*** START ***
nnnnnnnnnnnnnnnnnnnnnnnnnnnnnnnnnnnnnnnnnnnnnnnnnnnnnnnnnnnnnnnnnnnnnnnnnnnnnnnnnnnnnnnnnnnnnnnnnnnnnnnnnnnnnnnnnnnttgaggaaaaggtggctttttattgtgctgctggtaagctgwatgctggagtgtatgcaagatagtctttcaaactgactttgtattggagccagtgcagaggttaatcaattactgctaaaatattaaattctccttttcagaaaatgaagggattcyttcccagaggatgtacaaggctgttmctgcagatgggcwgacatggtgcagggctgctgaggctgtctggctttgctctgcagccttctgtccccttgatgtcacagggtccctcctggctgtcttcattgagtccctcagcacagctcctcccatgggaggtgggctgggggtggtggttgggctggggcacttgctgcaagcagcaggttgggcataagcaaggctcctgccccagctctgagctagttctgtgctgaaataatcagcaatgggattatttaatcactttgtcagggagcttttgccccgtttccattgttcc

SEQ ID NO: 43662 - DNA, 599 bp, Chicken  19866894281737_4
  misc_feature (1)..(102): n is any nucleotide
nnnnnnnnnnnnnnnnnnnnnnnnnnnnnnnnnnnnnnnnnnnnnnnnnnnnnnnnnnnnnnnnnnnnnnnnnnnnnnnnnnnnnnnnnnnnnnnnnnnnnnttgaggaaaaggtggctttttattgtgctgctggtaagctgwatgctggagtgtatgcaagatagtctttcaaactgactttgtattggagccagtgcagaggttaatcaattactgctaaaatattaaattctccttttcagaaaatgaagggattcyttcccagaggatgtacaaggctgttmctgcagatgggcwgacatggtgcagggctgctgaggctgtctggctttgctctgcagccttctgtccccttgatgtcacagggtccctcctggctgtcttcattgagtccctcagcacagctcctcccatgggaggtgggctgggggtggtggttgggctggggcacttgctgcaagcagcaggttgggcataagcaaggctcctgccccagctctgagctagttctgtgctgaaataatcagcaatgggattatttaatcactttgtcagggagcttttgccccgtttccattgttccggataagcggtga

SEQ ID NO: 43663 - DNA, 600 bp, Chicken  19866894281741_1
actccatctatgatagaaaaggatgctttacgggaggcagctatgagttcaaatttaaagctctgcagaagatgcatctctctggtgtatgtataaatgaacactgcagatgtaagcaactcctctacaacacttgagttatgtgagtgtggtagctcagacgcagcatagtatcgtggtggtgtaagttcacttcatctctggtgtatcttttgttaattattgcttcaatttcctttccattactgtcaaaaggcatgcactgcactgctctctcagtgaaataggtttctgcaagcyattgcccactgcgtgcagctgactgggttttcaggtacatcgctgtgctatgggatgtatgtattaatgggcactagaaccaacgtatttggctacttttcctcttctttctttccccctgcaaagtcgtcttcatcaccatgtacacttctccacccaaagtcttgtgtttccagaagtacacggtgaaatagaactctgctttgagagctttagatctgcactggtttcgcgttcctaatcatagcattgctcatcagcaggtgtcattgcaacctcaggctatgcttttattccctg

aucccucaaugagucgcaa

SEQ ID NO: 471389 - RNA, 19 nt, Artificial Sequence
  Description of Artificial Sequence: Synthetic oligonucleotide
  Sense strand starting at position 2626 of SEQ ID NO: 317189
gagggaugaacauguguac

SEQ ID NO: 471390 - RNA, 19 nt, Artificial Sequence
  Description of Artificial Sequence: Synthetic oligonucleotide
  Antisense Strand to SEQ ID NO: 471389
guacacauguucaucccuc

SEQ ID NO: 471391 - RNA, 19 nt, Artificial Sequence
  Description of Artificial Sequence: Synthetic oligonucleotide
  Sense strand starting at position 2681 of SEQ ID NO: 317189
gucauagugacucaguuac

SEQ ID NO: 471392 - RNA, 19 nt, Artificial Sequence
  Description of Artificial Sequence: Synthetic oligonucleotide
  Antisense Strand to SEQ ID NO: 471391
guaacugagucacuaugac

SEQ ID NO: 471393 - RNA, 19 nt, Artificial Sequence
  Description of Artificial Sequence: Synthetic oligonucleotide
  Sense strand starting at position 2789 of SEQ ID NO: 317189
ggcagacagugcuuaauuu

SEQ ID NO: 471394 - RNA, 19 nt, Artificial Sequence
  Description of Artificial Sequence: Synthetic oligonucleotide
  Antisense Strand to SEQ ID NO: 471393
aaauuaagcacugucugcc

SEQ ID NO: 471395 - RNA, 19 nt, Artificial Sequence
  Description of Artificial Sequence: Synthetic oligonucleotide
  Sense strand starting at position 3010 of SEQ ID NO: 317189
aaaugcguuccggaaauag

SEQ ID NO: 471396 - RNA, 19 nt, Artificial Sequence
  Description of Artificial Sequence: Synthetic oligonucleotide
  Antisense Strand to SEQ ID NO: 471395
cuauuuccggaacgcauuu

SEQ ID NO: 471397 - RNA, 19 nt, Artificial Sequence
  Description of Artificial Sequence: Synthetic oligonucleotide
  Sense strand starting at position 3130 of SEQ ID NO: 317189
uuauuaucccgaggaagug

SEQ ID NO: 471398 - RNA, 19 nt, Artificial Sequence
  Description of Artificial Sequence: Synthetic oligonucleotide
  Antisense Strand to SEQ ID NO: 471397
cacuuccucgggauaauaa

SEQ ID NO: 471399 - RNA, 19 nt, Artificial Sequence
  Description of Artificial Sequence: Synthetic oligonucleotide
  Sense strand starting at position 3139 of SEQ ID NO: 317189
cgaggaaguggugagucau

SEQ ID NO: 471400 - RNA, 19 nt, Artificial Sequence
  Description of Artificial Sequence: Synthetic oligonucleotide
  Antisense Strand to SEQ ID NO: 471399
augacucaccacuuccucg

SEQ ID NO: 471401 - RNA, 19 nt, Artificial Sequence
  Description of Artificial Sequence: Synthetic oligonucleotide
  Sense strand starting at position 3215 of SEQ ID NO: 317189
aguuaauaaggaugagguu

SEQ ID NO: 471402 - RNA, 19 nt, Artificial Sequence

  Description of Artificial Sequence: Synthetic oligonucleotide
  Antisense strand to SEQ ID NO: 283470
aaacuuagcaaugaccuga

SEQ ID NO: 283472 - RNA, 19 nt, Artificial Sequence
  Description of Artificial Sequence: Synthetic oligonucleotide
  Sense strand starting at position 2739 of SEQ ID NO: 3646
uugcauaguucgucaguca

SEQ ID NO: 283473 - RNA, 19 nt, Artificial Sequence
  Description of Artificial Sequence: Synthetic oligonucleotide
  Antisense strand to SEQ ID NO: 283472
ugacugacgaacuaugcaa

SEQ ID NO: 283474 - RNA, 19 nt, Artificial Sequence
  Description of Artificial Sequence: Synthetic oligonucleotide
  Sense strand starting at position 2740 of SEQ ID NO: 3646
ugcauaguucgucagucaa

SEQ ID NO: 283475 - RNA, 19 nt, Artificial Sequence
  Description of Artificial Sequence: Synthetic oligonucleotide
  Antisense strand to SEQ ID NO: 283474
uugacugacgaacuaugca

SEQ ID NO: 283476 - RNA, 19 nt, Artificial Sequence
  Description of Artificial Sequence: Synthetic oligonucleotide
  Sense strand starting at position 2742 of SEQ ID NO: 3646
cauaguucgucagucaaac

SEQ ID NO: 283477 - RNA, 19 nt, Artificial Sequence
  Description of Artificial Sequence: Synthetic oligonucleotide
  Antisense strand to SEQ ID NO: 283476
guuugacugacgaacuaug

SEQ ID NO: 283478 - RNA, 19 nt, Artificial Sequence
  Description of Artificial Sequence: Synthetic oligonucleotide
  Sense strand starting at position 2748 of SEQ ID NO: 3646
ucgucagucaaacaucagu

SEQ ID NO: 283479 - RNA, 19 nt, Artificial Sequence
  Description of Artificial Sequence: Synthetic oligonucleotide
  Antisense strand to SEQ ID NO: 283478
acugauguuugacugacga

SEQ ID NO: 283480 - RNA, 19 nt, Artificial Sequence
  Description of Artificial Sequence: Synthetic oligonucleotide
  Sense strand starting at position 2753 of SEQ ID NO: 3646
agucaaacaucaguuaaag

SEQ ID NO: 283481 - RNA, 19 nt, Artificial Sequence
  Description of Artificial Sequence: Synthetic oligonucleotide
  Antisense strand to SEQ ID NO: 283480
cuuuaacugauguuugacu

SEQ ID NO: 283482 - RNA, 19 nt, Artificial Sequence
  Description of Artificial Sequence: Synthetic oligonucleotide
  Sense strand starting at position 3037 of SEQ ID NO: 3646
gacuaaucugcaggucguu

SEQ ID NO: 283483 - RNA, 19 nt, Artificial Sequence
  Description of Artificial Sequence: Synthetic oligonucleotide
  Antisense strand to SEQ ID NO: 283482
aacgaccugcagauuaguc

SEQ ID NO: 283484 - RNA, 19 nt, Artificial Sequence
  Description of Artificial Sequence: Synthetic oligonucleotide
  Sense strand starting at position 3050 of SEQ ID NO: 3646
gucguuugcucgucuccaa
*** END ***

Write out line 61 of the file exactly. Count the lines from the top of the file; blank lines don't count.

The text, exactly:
  Description of Artificial Sequence: Synthetic oligonucleotide